For multinational companies, transferring data between group companies they can rely on Binding corporate rules which ensures appropriate safeguards. They have to be approved by the regulatory authorities to be valid. 

The Binding Corporate Rules (BCR) ensure that the data transfers within the corporate groups are complying with the GDPR. 

The following are the benefits of  BCR for corporates:

  1. Less administrative hassles during cross-border transfers. 
  2. Provides competitive edge as BCR poses as a seal of benefit.
  3. Proof that the corporates have a harmonized data practice in place.
  4. An adherence to data protection principles, including trained personnel.

The following information is essential to be present in BCRs- 

  • Structure of the group of enterprises sharing joint economic activities and their members.
  • Contact details of the concerned group and of each member.
  • Details on the data transfers or sets: which personal data, what processing purpose, what types of processing, what type of concerned data subjects, which countries etc.
  • Legally binding nature, which will cover both internal and external matters.
  • Application of the general data processing principles and the general data protection principles.
  • Data subject rights, ways to exercise those rights, right to lodge a complaint and so on.
  • Liability of controller or processor in the EU with regards to breaches of the BCRs by any member outside the EU (except if proven not responsible).
  • Provision of information on the BCRs towards data subjects, in accordance with duty and right of information of the GDPR.
  • The tasks of any DPO or other entity charged with compliance monitoring.
  • Complaint procedures and handling.
  • Data protection audits and methods of correction to protect data subject rights.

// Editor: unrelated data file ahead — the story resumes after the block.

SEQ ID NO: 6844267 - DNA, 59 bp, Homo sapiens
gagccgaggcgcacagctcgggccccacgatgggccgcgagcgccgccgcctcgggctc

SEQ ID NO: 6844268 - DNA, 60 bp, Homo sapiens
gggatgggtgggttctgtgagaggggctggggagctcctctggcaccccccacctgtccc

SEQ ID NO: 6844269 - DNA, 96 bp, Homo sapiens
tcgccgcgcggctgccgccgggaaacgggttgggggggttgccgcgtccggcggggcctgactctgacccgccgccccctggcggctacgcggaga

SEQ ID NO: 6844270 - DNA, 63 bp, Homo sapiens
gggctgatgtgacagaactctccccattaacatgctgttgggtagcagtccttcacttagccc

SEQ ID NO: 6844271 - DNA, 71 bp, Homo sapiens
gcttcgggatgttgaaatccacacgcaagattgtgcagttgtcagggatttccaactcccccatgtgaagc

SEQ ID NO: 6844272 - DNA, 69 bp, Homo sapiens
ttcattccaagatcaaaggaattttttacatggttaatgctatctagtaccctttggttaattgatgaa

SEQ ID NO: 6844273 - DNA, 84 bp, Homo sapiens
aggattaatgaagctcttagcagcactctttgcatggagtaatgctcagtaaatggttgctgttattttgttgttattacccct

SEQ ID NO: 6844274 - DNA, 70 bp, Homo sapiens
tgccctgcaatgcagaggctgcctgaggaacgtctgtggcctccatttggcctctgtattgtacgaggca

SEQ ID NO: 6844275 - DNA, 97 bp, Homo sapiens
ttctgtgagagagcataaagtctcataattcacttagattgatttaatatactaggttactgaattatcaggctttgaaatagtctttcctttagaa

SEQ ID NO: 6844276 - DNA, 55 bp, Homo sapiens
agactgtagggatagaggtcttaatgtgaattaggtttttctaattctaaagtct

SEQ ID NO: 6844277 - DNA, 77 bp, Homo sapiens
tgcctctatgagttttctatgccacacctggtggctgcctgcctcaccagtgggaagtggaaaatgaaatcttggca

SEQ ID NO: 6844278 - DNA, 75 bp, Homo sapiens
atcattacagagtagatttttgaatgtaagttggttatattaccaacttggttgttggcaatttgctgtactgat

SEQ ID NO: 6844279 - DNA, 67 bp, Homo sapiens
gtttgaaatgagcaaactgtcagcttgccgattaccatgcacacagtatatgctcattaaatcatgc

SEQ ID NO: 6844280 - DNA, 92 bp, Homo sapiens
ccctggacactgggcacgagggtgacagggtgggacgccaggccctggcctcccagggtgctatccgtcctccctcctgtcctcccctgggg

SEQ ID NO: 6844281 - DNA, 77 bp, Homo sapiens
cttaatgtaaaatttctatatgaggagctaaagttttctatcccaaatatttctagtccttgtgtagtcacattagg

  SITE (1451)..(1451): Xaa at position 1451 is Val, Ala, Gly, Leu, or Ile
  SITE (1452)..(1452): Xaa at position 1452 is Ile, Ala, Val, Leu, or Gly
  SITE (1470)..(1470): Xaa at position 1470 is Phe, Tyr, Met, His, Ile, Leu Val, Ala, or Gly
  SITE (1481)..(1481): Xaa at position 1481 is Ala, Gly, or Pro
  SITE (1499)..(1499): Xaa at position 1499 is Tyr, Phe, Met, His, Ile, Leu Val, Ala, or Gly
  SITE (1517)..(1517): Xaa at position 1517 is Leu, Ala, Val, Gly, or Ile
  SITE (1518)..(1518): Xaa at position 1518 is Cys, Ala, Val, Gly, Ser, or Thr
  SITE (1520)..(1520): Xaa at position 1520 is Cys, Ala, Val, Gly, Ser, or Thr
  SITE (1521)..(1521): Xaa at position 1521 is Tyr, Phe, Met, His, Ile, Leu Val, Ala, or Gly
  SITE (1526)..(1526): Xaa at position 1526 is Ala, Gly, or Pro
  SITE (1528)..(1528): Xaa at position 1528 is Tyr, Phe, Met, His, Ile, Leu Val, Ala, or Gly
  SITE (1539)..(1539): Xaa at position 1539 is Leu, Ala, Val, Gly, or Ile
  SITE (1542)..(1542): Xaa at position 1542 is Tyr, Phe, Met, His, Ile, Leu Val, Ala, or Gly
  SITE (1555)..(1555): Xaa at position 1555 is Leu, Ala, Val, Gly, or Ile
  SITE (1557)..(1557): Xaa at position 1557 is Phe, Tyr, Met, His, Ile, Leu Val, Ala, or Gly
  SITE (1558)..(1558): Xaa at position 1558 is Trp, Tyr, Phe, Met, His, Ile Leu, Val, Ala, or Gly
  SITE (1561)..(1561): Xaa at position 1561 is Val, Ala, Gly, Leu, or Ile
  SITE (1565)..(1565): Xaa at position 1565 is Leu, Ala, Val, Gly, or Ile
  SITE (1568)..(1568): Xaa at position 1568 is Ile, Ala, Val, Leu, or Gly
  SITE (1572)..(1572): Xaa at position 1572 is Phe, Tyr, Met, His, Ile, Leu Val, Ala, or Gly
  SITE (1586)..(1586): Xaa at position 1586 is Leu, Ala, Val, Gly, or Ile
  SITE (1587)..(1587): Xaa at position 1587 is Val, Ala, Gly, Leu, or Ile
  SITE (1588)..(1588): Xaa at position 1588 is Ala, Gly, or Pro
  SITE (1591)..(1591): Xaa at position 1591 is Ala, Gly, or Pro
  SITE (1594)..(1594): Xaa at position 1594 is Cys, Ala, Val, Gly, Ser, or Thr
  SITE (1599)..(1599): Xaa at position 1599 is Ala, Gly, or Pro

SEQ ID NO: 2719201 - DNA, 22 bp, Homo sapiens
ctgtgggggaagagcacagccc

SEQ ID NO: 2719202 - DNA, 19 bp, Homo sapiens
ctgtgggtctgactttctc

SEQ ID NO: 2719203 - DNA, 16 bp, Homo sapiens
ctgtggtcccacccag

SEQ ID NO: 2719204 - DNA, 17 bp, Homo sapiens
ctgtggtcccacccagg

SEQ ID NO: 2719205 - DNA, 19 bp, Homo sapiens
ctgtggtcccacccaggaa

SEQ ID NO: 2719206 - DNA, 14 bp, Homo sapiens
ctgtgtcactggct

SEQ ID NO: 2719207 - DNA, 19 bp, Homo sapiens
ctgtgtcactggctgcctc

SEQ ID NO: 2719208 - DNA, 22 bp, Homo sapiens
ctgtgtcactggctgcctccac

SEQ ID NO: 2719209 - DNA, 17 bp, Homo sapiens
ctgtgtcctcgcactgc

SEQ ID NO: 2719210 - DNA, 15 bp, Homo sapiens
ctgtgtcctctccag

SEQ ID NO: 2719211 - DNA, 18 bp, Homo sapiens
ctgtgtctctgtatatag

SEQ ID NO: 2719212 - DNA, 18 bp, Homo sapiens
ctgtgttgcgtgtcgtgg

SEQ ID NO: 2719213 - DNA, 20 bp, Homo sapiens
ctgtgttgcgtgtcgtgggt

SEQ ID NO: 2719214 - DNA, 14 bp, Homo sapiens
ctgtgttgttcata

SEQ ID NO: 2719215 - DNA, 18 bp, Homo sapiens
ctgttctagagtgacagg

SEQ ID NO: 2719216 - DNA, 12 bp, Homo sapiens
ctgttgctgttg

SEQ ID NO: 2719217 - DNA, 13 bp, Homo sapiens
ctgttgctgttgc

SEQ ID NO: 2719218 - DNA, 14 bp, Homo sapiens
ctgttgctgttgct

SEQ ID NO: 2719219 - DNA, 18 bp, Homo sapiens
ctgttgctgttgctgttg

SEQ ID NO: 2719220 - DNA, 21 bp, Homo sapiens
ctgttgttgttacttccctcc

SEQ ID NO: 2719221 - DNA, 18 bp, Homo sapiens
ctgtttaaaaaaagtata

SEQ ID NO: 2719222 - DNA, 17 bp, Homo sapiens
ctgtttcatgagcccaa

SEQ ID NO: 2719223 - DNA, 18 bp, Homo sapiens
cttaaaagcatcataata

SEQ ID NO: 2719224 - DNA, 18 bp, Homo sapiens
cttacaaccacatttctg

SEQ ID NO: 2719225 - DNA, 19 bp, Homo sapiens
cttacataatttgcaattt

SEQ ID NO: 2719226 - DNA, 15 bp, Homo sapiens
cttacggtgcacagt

• Various obligations towards the supervisory authority.
  • The proper data protection training for staff with regular or permanent access to personal data.

It should also be kept in mind that the requirements for controllers and processors are different under BCR.

Controller BCRs are suitable for data transfers from controllers established in the EU to other group company controllers or to processors established outside the EU. They apply to entities within the same group acting as controllers and to entities acting as ‘internal’ processors. 

Whereas, Processor BCRs apply to personal data received from a controller established in the EU which is not a member of the group and then processed by group members as processors or sub-processors. These type of BCRs are an alternative to incorporating the EU Commission Standard Contractual Clauses (‘SCCs’) into service agreements with controllers.

Privado’s Cross-Border Report

Conclusion:

If you are transferring data outside Europe, GDPR puts additional obligations on you as a controller or processor. Ensure you know all your data transfers and have appropriate safeguards in place. You can also use our GDPR data mapping product to get a transfer report and an international transfer map to see your obligations.